Have you ever wondered what it takes to make dark chocolate from scratch? What kind of equipment do you need, and is the process long or complicated? Here’s some good news: if you have a couple hours and some fairly ordinary kitchenware and appliances, making your own chocolate is super easy. In this guide, we’ll go over how to make dark chocolate straight from the bean, taking you through the process step by step. A quick trip to the grocery store, and you’ll be ready to start cooking today. You can also learn some useful cooking techniques in chocolate making course.
What You’ll Need
Buying something from the store that you can make at home just doesn’t compare. Of course, something like chocolate takes a while to master, but at least you can have fun (and eat lots of chocolate) during the learning process!
You might have thought you needed a factory and some fancy machinery to make chocolate from scratch, but the equipment and appliances you’ll need are actually pretty mundane. Find the list below.
- coffee grinder
- kitchen scale
- hair drier
- 5 bowls
- baking sheet
- spatula (rubber)
- aluminum foil
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Since we’re making chocolate from scratch here, there isn’t much you need in terms of ingredients, except for the actual cocoa beans and some gransulated white sugar! You can also add something extra if you’re not a fan of plain chocolate. As for the actual cocoa beans, you’ll want to get unroasted if the roasting process if something you want to do yourself. If not, purchase pre-roasted beans and skip the roasting part of the instructions.
- 1 pound of whole cocoa beans
- granulated white sugar
Want to learn more about one of the world’s most famous confections before getting started? Check out this guide on chocolate facts.
How to Make Dark Chocolate
If you bought roasted cocoa beans, this is the part you can skip. If you decided to go with unroasted, this part is essential, so stay with us!
- Step 1 – Roasting the Beans
Roasting the cocoa beans is what brings out that chocolatey flavor. It also makes the shells of the bean more crackable so you can actually extract the cocoa nibs from inside. These nibs, or little flakes of cocoa bean, are what you’ll make the chocolate out of.
Start by preheating your oven to about 250 or 300 degrees. Then, prep the cocoa beans by spreading them out on an ungreased, unlined baking sheet in a single layer. Don’t cut or try to de-shell the beans, just create a good, even layer of them on the sheet and wait until the oven preheats. Once it’s reached the desired temperature, pop the baking sheet full of cocoa beans in the oven and set your timer for about 20 minutes. You won’t be pulling them out after the 15 minutes, but if you’re just getting started, it’s good to get a handle on how long the beans need to be left in and what to look out for. Give them a glance at the 15-20 minute point, and if they don’t smell like chocolate yet and they haven’t started to crack, give it another 10 minutes, keeping an eye on them so they don’t burn.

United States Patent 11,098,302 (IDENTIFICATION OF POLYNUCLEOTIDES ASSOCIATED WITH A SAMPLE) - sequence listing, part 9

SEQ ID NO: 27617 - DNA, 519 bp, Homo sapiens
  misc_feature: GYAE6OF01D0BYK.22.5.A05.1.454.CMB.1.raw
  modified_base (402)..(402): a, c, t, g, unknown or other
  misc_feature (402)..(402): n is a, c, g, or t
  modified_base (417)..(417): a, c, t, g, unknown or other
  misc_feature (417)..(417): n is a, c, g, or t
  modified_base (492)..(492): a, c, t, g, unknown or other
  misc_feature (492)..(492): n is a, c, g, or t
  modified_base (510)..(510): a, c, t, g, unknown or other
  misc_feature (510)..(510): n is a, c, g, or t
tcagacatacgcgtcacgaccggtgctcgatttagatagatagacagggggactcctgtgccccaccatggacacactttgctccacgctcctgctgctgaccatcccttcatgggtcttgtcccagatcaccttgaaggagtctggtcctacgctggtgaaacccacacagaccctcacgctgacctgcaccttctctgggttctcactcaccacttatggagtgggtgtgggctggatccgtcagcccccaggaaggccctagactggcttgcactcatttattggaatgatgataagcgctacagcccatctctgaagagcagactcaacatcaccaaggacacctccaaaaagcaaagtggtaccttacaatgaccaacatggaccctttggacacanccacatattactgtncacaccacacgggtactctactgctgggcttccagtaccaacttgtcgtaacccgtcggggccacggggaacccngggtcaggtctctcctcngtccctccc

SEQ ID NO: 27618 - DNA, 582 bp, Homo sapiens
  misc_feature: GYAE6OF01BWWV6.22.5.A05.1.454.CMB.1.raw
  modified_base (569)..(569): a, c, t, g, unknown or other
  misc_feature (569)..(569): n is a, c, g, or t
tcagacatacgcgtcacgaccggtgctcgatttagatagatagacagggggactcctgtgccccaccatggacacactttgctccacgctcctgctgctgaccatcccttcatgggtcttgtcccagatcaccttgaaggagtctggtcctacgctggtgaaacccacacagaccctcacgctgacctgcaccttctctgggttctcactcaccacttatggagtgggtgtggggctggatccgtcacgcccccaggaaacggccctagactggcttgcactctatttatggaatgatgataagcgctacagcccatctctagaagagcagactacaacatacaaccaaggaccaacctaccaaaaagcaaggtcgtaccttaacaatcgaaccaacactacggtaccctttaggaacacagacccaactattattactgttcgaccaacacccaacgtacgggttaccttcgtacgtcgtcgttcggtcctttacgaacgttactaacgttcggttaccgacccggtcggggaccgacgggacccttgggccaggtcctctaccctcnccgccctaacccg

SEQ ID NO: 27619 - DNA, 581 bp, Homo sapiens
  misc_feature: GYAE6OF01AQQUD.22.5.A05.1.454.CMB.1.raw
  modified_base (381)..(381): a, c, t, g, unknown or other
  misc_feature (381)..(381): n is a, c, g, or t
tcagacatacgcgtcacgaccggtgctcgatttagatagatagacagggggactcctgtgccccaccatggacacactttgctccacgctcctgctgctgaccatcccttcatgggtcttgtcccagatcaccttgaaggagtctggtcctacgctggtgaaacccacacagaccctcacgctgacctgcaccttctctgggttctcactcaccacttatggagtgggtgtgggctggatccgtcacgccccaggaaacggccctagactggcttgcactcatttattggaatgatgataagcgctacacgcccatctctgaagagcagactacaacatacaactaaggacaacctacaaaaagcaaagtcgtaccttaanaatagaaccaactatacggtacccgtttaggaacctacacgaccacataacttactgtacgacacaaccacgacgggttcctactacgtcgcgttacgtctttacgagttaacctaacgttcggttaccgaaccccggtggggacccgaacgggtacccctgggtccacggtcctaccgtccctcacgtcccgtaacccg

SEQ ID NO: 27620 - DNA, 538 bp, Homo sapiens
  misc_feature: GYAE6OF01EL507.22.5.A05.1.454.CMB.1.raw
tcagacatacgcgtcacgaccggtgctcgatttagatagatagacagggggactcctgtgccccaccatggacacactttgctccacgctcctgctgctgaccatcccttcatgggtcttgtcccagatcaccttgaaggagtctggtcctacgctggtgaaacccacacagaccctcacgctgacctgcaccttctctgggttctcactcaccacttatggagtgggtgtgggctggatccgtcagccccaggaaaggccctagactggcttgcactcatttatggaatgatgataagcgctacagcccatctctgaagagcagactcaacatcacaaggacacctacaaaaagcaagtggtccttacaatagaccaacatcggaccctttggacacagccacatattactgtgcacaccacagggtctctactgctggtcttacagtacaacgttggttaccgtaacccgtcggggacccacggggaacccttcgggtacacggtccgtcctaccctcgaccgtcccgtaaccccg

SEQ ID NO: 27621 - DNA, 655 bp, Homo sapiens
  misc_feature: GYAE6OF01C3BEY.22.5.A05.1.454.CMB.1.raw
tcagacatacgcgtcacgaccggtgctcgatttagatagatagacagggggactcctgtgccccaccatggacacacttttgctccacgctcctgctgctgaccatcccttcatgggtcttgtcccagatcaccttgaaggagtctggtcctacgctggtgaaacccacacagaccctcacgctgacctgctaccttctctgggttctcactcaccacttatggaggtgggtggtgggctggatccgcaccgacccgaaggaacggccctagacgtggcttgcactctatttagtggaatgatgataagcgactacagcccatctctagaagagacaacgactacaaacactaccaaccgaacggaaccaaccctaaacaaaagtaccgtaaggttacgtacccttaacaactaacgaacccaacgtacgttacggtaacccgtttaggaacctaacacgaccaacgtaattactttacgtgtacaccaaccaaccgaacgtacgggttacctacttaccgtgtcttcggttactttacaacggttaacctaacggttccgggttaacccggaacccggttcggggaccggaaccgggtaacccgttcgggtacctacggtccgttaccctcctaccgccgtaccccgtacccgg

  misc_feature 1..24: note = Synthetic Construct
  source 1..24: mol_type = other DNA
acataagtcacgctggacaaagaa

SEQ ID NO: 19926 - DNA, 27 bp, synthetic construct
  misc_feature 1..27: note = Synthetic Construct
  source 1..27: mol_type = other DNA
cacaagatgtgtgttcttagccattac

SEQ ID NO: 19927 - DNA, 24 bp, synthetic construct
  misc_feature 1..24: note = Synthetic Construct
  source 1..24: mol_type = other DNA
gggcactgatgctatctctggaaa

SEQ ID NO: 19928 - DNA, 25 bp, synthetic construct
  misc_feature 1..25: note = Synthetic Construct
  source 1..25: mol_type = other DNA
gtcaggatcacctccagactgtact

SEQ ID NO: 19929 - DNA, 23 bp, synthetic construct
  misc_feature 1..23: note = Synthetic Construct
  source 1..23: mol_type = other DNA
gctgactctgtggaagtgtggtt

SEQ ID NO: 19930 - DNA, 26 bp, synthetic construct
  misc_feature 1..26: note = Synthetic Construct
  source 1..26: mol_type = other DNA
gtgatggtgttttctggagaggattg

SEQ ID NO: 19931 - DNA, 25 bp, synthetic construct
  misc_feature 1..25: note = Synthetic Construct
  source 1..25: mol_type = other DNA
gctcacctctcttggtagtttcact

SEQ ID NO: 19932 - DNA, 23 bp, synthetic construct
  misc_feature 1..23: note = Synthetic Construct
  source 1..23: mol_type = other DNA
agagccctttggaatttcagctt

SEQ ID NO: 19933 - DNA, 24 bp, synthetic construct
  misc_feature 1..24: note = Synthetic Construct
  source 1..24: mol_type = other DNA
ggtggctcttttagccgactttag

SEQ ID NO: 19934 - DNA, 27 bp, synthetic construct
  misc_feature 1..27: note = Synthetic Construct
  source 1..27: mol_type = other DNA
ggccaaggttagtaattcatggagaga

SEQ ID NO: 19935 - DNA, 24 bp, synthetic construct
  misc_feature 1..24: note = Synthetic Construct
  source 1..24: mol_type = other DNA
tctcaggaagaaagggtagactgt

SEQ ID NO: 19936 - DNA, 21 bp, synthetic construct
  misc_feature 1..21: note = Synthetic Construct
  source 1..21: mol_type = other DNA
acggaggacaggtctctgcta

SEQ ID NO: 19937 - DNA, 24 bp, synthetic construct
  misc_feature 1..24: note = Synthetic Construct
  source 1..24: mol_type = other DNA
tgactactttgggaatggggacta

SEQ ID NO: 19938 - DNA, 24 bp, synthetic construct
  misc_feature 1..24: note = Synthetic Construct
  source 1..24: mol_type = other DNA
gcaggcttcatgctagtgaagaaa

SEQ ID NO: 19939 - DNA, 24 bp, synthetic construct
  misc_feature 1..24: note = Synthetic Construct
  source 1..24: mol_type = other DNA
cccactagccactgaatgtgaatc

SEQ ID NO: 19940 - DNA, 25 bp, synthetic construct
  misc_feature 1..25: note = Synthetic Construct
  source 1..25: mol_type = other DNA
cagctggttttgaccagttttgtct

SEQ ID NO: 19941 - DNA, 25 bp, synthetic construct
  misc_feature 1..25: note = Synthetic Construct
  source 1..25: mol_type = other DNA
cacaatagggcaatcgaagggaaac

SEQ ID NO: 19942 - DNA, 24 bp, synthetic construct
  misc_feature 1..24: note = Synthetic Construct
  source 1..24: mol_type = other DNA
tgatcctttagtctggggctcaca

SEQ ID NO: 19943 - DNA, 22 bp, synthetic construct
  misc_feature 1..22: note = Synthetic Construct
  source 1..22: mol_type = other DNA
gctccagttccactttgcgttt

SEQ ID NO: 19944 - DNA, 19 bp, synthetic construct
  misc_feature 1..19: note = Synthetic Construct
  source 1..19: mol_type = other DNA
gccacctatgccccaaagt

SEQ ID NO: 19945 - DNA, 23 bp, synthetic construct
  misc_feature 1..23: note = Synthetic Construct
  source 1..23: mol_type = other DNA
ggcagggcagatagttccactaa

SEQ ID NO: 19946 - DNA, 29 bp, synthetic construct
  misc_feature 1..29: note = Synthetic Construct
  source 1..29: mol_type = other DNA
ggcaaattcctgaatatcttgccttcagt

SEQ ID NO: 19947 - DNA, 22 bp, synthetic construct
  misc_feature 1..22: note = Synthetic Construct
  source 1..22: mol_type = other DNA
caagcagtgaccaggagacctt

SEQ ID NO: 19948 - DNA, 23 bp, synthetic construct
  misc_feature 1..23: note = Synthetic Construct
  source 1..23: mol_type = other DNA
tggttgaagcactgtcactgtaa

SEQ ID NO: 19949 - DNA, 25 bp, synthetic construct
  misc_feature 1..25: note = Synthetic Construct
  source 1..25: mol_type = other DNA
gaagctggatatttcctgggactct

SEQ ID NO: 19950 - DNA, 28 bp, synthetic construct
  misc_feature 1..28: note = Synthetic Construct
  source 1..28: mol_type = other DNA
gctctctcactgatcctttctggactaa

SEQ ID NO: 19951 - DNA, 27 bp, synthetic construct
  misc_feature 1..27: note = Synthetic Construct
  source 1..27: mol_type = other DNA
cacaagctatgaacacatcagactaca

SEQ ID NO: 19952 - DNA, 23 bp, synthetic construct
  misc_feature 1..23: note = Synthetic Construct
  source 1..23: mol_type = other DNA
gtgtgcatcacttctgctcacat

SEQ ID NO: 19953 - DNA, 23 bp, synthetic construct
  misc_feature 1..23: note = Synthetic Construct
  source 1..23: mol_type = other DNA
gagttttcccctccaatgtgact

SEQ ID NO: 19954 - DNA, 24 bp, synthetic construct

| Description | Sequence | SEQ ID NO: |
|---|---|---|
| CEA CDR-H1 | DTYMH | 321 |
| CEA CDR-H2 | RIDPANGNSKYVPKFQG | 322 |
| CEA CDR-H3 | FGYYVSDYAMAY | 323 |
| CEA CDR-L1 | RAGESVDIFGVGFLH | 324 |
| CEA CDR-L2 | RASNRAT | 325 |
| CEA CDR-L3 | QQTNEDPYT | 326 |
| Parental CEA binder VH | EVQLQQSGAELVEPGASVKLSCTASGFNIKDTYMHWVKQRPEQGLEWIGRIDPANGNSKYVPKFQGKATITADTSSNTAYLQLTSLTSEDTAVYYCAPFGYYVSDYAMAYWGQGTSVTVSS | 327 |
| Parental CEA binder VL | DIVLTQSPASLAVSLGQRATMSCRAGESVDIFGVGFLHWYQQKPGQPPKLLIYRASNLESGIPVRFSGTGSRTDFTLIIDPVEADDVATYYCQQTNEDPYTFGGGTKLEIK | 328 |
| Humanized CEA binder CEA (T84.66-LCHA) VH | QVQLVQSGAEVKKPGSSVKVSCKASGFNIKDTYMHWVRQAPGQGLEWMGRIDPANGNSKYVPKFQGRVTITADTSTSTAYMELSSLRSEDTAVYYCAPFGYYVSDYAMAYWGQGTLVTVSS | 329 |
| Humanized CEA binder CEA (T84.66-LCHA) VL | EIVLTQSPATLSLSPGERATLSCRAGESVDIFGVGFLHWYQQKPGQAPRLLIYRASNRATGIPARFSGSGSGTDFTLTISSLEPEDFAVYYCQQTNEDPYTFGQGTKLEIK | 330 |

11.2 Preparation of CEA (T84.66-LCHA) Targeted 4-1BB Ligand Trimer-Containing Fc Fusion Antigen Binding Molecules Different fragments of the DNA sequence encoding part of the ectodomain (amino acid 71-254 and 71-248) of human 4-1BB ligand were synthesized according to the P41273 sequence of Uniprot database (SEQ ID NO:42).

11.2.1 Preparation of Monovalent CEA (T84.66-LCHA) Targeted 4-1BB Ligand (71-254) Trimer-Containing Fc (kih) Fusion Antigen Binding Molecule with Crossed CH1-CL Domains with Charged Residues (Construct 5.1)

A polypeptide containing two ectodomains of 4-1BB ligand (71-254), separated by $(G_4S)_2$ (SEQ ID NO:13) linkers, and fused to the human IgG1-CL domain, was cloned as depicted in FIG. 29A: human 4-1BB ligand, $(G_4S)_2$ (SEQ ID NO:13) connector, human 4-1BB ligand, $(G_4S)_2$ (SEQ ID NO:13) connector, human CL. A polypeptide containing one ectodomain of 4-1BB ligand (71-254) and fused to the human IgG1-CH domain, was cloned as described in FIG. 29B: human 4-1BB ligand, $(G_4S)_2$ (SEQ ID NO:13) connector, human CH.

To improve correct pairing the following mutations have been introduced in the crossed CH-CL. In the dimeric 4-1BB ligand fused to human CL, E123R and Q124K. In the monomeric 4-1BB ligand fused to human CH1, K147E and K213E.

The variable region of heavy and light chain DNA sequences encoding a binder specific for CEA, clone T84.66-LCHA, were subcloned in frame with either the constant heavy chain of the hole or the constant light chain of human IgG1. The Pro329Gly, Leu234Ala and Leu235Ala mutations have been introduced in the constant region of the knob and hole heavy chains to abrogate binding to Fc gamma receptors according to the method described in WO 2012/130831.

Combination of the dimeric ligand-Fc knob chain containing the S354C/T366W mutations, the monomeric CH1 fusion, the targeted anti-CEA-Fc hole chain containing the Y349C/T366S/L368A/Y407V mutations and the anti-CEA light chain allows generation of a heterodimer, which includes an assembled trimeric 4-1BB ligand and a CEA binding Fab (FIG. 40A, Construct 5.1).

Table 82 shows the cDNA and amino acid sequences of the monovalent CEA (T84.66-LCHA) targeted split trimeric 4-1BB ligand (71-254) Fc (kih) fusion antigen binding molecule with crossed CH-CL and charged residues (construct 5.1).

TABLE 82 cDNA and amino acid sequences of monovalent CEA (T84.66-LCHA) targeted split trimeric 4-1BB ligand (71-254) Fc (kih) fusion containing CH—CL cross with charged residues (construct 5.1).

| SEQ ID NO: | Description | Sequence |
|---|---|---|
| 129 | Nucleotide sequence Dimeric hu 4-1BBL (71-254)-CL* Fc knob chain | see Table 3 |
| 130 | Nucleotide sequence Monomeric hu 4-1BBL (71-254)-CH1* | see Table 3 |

After about 30 minutes total, remove the baking sheet and turn the oven off. Put the tray of cocoa beans in front of a fan or leave on the counter to cool off.mount of
- Step 2 – Removing the Shells
This is the part where some specialized equipment might come in handy, but doing it manually can be a fun experience too. Once the cocoa beans have cooled sufficiently, get to work cracking open the shells and removing the bean inside, keeping the shells and the chocolate nibs separate. This is a repetitive task – if you’re starting to think making chocolate from scratch isn’t your thing, why not learn how to do something else? Check out this course on decorating cakes, or this course on the art of making cookies.
- Step 3 – Create Cocoa Liquor
Setup your juicer with containers to catch the product of both the “juice” and “pulp” ports. Feed the cocoa bean nibs into the juicer, a little at a time. Most of what you insert will come out as “pulp.” Do not throw this away. Continue adding and re-adding the “pulp” until the juicer begins to output through the “juice” port. This happens because the refining process creates heat, which melts the cocoa butter inside the cocoa bean. You’ll want to continue adding the contents of the “pulp” output until the only thing it’s spitting out is the stray cocoa bean husk that you missed while de-shelling them.
- Step 4 – Determine Chocolate Percentage
Bust out the kitchen scale, and weigh the cocoa liquor. The amount of granulated sugar you’re going to add to your recipe is determined by how strong you want your dark chocolate. To figure out this measurement, find the weight of your cocoa liquor in grams, and divide it by the percentage you want, then multiply that by 30. That’s how many grams of sugar you need.
Measure the sugar and grind it into a powder in the coffee grinder. (Do not buy powdered sugar, since this contains corn starch, and will ruin your homemade chocolate.) Mix up your chocolate and sugar in a bowl. This is when you can add in any nuts like almonds or cashews as well.
- Step 5 – Prepare the Chocolate
Now all that’s left to do is put your chocolate onto an ungreased, lined cookie sheet and place it in the fridge. You can use any kind of shape you want: small circles, bars – you can even use cookie cutters or other molds to help give the chocolate shape. The chocolate will be done once it’s solidified.